With so many people unexpectedly working from home due to the coronavirus outbreak, many of us are in uncharted territory. Even for those most adept at change, moving quickly from leading an onsite team to a remote team can be quite an adjustment. This post features a few tips to keep in mind that might make the transition to a remote workforce a little easier for you and your team.
Reiterate Company Values and Set Clear Expectations
Even if your team has already left the office, it’s not too late to remind them about company values and your expectations. It’s easier for newly remote employees to stay focused and feel engaged when they’re clear about their mission and what’s expected of them. According to Kristin Brandenburgh of the ITA Group (a company that helps businesses drive employee engagement), “Without clear direction, a remote employee can feel like they’re stranded on an island… Just like you’d take a new employee through an on-boarding process, make sure a remote employee knows what will help them succeed.” Clarifying expectations will also help keep your go-getters from quickly burning out during a time when you need them the most, a recent Forbes article notes.
Any sense of normalcy can be comforting to individuals during times of change. Considering this, do your best to keep the same cadence of meetings as before your team went remote. Even more important than your meeting schedule, embrace video conferencing whenever possible. Seeing each other’s faces will give your team warm fuzzies and help build a sense of community in your new world. Finally, if you have team members in the office as well as online, ask your in-house crew to dial in from their desk instead of congregating in a conference room. This will keep them at a safe social distance and give them a similar meeting experience as their remote teammates.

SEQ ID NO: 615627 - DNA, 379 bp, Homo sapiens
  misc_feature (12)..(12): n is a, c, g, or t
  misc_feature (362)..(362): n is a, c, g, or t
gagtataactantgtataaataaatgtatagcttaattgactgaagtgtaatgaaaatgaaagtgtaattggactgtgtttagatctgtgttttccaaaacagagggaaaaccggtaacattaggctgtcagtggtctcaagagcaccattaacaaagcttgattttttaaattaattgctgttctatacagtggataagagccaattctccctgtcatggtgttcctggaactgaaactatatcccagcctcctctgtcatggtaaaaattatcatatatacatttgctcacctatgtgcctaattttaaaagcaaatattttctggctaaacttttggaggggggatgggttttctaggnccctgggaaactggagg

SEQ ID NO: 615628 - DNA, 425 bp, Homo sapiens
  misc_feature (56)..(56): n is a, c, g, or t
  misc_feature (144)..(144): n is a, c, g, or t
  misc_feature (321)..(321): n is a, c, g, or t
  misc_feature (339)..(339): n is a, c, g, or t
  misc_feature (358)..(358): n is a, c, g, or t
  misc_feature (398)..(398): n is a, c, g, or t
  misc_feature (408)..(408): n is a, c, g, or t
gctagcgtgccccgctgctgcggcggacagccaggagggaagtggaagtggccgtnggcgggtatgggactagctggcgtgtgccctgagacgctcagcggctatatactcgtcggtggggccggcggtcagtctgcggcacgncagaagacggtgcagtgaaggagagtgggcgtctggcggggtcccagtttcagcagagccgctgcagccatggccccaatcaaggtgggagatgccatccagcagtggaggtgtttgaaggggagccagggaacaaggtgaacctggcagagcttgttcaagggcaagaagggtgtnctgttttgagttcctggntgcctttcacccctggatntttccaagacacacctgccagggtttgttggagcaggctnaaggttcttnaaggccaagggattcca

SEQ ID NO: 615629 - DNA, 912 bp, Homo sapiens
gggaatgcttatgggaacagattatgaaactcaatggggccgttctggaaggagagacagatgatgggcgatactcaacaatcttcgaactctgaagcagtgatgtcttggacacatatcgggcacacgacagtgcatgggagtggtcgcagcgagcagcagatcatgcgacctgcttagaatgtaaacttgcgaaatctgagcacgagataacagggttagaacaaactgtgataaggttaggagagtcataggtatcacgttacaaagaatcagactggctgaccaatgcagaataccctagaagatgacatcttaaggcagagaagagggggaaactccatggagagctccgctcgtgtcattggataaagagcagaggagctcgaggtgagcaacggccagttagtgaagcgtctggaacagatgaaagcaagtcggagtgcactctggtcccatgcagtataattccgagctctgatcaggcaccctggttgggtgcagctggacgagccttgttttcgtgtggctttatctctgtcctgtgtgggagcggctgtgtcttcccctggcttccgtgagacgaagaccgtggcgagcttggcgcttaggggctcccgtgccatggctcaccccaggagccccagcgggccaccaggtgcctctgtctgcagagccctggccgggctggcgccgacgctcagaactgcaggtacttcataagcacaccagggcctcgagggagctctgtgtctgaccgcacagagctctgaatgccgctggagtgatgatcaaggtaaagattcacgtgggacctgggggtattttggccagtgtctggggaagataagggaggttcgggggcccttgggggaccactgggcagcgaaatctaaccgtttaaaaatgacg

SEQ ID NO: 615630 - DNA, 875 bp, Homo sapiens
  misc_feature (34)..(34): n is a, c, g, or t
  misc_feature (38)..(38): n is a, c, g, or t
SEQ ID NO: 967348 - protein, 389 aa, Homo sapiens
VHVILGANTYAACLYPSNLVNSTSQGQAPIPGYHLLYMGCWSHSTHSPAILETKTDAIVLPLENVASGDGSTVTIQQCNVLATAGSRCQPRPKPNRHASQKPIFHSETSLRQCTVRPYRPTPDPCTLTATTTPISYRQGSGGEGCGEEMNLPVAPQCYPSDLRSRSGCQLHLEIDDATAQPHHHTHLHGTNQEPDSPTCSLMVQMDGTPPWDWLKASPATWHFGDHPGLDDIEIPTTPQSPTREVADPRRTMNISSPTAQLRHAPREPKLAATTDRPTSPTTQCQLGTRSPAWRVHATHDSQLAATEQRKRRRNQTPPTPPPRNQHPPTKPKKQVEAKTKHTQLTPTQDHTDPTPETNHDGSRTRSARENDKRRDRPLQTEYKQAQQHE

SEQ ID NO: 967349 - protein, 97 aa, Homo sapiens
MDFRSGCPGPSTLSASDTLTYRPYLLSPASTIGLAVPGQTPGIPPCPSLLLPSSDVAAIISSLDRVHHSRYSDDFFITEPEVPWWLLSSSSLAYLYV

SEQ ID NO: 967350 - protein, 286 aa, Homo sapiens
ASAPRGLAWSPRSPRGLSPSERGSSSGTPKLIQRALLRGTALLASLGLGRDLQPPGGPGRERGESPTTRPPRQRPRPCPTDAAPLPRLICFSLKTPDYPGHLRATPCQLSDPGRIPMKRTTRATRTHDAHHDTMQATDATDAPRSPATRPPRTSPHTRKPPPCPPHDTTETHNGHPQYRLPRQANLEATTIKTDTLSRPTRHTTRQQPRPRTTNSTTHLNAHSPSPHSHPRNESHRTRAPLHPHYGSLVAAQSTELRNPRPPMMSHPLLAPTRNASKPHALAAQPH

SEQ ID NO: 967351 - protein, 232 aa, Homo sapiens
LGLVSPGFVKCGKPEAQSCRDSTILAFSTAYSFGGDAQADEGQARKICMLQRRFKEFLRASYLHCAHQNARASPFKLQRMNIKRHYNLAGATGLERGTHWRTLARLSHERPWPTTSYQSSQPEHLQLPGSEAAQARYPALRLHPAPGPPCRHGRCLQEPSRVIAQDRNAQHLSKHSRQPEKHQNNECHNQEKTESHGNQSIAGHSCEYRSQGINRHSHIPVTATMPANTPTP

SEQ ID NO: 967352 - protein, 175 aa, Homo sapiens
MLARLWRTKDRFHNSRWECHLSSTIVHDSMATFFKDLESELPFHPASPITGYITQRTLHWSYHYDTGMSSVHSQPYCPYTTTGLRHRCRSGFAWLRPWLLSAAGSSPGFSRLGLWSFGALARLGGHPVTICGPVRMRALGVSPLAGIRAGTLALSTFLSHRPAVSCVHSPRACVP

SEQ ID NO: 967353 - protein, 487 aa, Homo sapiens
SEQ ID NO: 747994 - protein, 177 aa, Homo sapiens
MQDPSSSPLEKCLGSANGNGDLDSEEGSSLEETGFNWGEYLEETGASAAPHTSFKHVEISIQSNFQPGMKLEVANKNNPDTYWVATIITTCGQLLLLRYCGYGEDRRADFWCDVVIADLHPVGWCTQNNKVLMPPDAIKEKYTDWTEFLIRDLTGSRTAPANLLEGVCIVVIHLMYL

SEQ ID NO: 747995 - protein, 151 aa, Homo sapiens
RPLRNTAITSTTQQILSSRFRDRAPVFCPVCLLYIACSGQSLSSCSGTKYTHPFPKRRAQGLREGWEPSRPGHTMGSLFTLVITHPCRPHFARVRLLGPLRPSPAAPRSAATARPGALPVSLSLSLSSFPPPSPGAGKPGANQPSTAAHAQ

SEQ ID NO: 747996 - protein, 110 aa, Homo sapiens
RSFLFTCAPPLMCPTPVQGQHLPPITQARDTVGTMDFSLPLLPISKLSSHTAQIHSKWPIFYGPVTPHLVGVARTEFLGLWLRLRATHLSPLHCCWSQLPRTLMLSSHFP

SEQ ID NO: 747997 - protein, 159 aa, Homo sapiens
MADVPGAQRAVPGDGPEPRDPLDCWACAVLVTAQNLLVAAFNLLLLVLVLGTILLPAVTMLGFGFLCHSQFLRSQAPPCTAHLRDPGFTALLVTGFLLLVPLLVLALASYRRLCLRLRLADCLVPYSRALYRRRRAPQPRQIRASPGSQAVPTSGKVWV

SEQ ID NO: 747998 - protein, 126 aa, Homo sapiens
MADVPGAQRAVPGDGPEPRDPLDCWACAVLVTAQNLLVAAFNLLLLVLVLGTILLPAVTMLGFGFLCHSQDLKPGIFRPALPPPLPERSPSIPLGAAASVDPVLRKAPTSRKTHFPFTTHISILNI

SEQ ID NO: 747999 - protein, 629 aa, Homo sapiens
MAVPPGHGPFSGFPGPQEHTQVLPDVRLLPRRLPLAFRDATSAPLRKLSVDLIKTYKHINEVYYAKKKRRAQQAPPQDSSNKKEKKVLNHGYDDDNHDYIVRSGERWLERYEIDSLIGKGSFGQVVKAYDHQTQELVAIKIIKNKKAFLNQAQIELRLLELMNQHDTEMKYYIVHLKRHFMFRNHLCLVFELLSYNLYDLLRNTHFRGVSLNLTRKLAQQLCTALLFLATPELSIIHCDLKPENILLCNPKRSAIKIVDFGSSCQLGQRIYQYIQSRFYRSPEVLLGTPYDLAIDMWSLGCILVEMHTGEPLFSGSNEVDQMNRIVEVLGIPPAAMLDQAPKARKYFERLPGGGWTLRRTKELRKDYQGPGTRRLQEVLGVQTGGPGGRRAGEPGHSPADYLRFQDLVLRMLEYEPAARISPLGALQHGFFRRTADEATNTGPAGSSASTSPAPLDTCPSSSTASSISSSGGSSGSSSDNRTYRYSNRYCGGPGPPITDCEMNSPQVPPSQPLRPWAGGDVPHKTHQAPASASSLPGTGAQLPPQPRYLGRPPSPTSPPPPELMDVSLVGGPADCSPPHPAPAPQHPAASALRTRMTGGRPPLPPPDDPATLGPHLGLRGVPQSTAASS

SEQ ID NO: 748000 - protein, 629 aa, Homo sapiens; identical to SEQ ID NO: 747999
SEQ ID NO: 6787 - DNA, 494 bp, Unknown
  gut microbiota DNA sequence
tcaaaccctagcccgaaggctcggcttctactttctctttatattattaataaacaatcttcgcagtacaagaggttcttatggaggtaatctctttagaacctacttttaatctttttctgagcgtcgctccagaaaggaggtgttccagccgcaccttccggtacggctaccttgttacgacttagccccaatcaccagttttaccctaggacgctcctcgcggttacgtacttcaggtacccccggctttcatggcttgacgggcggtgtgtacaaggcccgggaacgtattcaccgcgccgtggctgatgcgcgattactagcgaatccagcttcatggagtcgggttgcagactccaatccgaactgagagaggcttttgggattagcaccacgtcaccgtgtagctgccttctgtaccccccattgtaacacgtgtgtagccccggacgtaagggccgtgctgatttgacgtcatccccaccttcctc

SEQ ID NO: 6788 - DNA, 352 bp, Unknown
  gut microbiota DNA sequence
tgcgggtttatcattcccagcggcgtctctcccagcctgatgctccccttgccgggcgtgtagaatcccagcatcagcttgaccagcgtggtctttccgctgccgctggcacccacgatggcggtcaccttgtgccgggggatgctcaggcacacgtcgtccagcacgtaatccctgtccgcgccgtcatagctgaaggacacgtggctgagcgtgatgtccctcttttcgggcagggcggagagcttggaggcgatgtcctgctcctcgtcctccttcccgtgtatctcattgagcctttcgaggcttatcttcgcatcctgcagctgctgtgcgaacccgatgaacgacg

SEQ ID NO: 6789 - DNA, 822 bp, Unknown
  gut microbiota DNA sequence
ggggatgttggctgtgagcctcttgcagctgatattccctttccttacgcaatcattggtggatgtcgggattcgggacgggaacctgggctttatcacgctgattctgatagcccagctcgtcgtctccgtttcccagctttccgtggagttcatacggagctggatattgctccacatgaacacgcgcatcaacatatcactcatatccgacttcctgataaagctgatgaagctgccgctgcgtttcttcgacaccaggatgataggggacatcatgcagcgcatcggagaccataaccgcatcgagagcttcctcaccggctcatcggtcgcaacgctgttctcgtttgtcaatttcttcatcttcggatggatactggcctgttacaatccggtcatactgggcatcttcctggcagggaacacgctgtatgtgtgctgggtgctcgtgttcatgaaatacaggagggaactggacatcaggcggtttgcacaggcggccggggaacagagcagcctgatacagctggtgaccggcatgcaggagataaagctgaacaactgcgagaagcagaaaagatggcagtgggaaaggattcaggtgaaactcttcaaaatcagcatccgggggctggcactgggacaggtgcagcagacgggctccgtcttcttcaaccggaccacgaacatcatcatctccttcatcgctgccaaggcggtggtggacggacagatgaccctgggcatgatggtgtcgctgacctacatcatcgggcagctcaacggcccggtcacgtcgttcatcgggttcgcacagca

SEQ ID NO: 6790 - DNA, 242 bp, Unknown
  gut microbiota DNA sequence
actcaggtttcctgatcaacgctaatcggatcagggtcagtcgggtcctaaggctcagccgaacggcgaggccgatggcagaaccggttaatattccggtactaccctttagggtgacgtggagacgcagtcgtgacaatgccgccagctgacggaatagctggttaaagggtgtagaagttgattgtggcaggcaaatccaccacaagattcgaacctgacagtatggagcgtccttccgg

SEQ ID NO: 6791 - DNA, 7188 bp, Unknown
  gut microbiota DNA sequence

Small Talk is Important
Working in separate locations doesn’t decrease the need for casual and fun conversations to build relationships and make getting through the workday easier, especially in these weird times! In her post Brandenburgh added, “Don’t be afraid to drop the occasional off-topic IM, email, or funny GIF.” If you haven’t seen it already, this bingo game might be a fun place to start.
Bond & Celebrate Creatively
Even in the short-term, when it comes to celebrating milestones or a job well done, we can take note from companies who rely on remote staff as a regular part of their day-to-day business. Companies like GitLabs, a fully remote organization, have learned that celebrating in creative ways helps boost remote employee morale and keeps them highly engaged. They offer a robust combination of bonuses, vacation time, virtual shout-outs, and branded gifts, depending on the celebration. Plus, let’s be honest, when you’re stuck at home – it’s extra fun to get something unexpected in the mail.
If your company is new to the remote world, you may want to consider sending teammates into their new home offices with a gift of practical tools like branded office accessories, earbuds, or a really cool Rocketbook. Maybe even something a little more fun like fuzzy socks, slippers, or pajama pants. (No one online can see below your waist anyway!) See more ideas here.
What do all of these tips have in common? Communication + Connection! Just because we’re in separate physical locations doesn’t mean that as leaders we should keep to ourselves virtually. It’s vital that we actively communicate and continue to connect with our teams, checking in frequently and regularly without micromanaging. We should be available and engaged on all channels, responding promptly, proactively, and with compassion and honesty. Simply put: Be approachable. Be kind. Be creative. Your team will come out of this experience even stronger for it.